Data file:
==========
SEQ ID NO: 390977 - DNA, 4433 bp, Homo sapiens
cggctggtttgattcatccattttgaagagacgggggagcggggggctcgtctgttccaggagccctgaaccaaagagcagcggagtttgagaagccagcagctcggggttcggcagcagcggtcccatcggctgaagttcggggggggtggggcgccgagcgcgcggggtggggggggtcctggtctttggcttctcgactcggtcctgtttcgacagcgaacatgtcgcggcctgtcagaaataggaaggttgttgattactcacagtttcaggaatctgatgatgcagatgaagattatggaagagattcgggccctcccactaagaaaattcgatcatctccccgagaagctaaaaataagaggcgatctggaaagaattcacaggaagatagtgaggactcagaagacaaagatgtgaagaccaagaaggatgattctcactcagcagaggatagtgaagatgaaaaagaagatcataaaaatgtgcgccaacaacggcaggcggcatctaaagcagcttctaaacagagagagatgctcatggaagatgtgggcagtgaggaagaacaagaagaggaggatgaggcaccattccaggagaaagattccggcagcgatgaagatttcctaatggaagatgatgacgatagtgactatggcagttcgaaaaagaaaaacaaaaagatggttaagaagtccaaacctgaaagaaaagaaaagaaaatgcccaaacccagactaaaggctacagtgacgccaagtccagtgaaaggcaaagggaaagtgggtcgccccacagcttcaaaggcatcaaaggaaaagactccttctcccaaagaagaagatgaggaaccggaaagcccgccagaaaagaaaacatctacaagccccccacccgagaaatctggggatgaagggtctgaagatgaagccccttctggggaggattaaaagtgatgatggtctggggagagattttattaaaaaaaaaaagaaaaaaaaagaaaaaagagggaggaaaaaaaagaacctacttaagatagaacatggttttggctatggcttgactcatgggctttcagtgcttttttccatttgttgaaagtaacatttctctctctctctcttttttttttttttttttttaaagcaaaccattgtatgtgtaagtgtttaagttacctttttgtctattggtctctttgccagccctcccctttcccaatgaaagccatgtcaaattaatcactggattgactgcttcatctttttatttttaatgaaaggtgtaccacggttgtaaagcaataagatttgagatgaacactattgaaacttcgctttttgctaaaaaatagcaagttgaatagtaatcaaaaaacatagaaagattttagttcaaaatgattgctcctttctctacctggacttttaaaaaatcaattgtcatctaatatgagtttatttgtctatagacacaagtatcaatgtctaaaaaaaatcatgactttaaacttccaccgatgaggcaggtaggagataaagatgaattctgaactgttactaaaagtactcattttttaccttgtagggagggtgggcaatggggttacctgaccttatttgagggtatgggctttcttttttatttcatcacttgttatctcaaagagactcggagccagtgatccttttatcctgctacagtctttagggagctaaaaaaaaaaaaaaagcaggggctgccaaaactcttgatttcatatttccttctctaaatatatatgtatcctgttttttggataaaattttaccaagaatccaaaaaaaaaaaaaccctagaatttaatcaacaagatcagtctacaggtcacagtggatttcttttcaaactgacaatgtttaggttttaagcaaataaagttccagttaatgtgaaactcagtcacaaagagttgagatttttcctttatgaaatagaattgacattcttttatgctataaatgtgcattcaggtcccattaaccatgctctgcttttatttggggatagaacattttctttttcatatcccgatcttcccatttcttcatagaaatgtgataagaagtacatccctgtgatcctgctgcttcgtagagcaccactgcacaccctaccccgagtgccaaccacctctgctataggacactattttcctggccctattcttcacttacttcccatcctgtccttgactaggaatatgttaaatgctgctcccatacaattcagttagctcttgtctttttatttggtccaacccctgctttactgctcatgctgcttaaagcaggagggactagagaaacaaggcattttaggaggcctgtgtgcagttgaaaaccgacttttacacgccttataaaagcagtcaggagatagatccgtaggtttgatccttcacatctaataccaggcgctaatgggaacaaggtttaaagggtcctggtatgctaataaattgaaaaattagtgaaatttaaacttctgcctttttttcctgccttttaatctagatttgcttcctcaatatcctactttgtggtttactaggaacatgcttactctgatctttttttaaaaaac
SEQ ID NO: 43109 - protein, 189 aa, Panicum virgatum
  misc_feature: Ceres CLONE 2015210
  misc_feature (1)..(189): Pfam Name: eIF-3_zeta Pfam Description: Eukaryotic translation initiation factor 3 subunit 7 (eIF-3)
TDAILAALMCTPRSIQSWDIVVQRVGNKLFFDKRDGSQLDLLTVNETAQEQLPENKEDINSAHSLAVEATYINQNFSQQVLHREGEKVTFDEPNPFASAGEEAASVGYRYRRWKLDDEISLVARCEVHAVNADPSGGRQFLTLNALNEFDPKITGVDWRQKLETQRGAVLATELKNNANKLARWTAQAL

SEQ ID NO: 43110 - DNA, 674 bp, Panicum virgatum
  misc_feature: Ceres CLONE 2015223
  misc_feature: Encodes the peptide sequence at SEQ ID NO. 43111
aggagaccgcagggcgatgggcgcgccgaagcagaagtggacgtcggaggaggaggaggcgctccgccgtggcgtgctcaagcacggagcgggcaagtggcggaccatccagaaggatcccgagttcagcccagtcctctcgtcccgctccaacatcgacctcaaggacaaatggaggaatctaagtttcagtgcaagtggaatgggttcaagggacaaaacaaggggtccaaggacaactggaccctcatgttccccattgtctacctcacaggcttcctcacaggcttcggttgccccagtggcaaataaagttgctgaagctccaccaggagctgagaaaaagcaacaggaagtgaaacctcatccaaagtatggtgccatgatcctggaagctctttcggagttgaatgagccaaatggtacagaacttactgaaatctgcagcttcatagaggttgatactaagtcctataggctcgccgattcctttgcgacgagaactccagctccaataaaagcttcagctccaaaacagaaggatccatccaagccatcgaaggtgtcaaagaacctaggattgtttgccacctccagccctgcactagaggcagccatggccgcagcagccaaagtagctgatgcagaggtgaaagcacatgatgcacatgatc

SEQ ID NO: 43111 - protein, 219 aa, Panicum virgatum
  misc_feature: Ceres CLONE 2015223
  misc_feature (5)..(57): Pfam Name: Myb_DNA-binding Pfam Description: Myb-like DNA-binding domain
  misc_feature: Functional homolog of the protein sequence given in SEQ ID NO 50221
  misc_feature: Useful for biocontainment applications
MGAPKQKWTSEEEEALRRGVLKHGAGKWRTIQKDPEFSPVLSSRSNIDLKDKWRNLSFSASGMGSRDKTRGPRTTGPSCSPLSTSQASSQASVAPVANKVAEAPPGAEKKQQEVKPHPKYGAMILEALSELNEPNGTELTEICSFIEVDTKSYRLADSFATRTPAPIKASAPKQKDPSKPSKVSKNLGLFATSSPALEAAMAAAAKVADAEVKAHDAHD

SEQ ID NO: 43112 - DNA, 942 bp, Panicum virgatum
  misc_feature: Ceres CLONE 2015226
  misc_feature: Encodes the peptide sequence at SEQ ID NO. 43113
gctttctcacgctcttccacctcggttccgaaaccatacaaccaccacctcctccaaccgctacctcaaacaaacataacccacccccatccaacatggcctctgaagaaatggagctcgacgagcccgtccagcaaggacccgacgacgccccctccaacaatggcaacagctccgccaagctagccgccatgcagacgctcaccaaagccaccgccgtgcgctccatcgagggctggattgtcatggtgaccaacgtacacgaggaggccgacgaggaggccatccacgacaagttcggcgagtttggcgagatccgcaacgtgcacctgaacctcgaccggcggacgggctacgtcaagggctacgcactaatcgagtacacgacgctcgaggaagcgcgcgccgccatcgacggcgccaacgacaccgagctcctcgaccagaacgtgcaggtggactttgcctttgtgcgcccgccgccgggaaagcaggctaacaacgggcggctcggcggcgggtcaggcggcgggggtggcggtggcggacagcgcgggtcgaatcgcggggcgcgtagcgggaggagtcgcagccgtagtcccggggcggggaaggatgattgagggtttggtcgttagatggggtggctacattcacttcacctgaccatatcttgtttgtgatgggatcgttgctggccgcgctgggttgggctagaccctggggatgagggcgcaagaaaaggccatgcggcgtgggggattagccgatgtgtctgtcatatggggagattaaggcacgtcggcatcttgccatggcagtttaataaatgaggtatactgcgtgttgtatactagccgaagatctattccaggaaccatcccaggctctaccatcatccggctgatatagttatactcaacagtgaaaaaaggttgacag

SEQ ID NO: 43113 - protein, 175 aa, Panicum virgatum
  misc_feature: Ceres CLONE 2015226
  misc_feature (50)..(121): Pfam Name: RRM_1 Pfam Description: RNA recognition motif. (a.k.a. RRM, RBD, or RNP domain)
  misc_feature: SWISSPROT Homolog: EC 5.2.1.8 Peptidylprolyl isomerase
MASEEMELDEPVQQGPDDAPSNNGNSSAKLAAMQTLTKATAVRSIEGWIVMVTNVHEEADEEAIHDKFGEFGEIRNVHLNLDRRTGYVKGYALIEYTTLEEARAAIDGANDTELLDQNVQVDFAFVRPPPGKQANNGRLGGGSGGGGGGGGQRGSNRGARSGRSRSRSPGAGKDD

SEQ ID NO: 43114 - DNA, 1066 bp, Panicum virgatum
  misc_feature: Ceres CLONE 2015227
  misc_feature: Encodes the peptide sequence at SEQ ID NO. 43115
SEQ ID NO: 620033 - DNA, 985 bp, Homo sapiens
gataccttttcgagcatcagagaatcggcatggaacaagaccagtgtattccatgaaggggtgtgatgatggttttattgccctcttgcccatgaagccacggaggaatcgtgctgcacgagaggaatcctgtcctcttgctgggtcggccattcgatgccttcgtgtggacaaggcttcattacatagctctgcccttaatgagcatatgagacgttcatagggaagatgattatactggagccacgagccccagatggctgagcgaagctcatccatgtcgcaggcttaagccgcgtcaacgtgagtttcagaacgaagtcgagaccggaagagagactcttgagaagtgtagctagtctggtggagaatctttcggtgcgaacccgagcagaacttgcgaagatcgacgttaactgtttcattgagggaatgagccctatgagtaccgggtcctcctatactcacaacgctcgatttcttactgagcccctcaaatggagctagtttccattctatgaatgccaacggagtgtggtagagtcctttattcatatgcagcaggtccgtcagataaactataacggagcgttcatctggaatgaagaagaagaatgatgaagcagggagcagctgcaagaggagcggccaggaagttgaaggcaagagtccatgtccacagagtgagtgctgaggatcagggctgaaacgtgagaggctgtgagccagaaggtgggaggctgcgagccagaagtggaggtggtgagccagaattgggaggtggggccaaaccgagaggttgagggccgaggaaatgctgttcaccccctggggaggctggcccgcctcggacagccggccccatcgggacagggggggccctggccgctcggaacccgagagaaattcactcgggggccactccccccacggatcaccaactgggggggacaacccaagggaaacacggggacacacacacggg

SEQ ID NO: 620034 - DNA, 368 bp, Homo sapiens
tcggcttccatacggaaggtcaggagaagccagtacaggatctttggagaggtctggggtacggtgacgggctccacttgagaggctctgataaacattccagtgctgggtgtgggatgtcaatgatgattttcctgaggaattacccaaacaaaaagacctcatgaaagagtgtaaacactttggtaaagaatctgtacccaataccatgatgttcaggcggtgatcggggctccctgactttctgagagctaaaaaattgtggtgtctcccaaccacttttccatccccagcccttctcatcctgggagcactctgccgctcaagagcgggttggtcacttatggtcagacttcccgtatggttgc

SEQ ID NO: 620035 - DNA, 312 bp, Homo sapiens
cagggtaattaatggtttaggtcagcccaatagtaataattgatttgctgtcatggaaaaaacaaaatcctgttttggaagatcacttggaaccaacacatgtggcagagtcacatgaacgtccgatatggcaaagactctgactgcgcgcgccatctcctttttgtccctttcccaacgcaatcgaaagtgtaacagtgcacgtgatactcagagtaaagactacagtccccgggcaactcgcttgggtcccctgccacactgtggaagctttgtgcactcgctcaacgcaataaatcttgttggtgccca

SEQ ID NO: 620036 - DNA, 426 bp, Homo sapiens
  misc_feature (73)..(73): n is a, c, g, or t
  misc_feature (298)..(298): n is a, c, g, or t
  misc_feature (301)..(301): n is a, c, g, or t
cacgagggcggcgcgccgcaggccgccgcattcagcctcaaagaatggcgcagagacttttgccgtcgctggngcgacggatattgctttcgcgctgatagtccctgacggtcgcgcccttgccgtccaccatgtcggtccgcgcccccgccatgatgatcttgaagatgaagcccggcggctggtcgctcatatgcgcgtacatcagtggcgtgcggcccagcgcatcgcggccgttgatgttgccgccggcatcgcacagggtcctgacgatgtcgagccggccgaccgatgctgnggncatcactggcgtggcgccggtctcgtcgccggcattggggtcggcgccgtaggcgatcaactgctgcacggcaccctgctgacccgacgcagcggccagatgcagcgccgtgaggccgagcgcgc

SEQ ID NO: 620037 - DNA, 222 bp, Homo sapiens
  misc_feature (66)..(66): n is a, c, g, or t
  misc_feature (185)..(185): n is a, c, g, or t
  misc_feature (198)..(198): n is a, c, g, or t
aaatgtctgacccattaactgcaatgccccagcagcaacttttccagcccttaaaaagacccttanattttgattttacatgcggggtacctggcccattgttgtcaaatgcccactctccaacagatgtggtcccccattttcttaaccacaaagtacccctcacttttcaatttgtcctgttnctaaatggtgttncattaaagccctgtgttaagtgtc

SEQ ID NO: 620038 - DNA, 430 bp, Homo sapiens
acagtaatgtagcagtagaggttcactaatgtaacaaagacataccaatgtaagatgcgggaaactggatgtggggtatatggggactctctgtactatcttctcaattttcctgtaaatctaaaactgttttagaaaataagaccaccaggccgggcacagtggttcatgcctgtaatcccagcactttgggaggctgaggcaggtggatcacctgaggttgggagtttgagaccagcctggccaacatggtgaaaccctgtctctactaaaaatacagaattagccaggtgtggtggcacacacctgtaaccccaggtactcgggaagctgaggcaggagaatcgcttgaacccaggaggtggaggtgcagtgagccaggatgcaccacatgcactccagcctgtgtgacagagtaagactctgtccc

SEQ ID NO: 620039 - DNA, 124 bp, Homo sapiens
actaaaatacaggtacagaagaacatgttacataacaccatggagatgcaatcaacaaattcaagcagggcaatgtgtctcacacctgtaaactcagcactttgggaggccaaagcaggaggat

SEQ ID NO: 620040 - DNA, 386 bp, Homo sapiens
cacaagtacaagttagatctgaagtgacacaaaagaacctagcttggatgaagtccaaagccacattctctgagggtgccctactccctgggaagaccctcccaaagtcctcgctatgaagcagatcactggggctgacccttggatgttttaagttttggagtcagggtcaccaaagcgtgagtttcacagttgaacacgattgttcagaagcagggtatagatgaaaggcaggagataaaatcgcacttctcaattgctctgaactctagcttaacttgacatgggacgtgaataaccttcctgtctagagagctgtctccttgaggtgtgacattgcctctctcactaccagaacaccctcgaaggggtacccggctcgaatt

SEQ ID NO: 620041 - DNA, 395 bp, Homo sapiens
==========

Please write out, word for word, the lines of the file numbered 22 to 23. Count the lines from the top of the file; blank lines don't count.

  misc_feature: Ceres CLONE 2015226
  misc_feature (50)..(121): Pfam Name: RRM_1 Pfam Description: RNA recognition motif. (a.k.a. RRM, RBD, or RNP domain)